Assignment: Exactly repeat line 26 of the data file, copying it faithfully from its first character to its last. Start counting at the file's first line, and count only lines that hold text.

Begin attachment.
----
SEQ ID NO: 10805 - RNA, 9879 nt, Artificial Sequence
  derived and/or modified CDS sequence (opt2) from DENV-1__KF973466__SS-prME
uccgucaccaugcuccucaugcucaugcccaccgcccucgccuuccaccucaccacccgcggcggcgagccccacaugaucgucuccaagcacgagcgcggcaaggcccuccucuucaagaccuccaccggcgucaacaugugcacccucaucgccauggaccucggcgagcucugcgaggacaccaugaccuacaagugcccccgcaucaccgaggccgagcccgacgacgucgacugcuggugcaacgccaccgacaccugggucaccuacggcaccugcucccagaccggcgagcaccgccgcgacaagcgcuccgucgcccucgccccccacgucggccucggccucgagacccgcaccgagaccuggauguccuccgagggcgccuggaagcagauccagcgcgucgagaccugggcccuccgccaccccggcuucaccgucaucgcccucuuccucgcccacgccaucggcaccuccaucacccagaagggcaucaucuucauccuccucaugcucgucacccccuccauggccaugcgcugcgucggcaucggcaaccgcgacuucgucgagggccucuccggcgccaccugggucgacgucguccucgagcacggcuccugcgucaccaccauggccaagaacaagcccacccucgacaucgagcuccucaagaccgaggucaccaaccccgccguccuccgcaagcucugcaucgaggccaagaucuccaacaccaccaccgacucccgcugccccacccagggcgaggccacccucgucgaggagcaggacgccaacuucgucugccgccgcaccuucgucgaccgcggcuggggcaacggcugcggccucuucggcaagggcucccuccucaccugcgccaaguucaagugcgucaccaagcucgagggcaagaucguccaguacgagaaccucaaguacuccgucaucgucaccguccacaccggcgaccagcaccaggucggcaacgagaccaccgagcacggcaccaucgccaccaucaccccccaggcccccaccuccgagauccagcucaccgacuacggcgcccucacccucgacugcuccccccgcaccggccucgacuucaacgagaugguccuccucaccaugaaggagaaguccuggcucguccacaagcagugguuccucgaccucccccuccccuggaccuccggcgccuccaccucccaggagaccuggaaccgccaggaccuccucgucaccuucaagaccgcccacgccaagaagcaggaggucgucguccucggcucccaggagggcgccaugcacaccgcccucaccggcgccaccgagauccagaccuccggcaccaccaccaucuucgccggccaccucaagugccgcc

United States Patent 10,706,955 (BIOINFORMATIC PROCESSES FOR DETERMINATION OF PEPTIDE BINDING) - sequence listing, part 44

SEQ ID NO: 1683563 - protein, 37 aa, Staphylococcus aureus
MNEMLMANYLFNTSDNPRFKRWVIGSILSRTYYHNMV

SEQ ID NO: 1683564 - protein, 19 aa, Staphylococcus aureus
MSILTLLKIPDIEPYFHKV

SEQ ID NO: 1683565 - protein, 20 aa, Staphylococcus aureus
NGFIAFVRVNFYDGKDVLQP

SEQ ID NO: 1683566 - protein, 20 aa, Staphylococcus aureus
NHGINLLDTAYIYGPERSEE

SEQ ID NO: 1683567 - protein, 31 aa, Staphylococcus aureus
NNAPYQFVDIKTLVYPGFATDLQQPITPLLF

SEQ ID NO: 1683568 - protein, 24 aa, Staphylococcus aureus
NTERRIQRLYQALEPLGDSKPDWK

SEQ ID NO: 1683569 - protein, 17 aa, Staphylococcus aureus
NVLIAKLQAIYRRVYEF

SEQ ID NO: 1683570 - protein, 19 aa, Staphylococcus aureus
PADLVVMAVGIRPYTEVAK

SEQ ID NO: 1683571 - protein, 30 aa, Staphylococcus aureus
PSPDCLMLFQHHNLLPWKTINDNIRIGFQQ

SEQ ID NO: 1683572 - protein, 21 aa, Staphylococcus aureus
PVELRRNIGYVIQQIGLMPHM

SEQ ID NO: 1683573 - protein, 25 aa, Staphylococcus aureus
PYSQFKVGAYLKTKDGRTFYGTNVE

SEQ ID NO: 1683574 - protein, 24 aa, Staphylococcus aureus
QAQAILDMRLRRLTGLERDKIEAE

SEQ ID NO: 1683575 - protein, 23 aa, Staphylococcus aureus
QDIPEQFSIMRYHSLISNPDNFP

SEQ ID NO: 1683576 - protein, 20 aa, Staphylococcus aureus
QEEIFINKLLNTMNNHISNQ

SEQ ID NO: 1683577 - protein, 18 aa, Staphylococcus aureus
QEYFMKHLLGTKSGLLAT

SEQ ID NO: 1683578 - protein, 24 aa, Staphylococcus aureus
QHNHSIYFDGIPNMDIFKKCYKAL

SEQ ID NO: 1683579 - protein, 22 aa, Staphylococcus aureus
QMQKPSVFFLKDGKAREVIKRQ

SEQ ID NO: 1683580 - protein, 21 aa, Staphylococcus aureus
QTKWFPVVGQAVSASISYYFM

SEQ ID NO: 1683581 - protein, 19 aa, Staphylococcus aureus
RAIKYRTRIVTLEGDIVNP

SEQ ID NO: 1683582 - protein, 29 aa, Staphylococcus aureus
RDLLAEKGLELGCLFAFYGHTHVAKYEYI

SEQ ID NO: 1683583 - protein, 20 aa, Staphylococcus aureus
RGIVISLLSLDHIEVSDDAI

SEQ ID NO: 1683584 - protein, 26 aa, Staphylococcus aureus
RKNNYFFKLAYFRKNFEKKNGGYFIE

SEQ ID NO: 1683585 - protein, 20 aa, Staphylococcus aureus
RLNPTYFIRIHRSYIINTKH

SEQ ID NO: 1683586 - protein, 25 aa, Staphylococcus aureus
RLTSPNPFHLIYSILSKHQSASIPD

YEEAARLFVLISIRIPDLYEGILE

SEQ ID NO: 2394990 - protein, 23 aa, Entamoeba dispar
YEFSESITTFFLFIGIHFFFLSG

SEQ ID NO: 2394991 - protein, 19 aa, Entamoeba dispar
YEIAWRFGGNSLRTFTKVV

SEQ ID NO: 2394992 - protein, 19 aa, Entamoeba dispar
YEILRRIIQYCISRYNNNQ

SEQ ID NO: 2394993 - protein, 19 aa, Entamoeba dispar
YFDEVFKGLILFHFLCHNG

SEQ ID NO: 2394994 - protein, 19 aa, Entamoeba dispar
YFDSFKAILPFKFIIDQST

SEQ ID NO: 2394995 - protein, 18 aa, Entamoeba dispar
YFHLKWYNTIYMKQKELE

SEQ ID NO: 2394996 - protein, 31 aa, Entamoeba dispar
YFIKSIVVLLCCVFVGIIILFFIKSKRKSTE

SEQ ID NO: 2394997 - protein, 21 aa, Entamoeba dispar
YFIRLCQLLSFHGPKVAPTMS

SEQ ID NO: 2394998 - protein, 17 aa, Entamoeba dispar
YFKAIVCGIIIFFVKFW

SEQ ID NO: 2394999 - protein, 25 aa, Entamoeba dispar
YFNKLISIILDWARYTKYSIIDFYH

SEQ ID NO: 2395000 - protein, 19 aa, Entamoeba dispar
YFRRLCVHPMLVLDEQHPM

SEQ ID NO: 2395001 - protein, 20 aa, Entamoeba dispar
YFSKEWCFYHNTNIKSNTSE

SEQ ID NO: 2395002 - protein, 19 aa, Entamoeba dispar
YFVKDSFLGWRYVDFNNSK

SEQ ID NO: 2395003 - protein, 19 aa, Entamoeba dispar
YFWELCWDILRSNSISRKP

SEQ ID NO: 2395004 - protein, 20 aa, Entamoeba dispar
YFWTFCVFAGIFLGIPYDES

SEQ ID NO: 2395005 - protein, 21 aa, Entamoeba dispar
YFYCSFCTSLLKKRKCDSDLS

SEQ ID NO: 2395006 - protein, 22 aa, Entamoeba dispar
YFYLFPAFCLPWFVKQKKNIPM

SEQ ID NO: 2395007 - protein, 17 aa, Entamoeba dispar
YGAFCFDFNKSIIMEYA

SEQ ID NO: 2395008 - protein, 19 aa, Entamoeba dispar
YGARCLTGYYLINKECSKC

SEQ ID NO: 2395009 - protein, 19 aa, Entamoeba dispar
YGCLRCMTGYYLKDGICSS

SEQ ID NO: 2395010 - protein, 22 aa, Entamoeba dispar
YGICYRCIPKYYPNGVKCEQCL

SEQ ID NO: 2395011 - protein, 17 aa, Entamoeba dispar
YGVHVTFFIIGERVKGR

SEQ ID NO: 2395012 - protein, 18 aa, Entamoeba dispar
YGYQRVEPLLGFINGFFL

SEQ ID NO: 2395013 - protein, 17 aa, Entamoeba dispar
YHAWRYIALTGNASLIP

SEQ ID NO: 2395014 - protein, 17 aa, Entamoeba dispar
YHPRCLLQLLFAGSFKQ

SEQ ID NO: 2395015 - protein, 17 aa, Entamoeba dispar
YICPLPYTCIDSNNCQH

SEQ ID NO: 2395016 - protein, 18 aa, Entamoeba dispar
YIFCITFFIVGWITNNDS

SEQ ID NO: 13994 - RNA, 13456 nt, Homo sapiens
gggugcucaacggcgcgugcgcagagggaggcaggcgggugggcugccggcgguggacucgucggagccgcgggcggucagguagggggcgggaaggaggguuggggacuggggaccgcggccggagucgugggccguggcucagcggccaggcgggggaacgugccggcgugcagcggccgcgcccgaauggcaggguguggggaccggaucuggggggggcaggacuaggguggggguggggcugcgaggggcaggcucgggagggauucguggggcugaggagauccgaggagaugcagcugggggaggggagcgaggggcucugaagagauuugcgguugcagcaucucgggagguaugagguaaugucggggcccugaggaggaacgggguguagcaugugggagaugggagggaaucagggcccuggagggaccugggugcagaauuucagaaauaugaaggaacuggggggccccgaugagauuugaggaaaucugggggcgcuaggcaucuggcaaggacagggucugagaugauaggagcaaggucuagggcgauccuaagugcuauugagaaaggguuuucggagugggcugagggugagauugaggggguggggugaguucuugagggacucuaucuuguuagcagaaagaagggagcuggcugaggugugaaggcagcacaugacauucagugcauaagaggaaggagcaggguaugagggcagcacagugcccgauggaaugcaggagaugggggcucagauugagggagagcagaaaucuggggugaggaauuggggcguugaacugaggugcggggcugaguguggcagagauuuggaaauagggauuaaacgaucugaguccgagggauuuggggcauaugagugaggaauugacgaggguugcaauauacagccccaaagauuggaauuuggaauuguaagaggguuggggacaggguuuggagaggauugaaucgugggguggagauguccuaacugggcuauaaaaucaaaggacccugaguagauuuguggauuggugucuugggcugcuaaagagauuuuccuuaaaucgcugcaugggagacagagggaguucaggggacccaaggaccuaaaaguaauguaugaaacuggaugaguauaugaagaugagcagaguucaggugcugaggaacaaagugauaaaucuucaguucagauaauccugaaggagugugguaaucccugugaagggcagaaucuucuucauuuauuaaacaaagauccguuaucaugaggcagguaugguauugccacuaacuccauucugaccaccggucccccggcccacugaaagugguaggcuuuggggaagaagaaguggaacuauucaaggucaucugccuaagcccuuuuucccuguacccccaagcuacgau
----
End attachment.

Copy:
PYSQFKVGAYLKTKDGRTFYGTNVE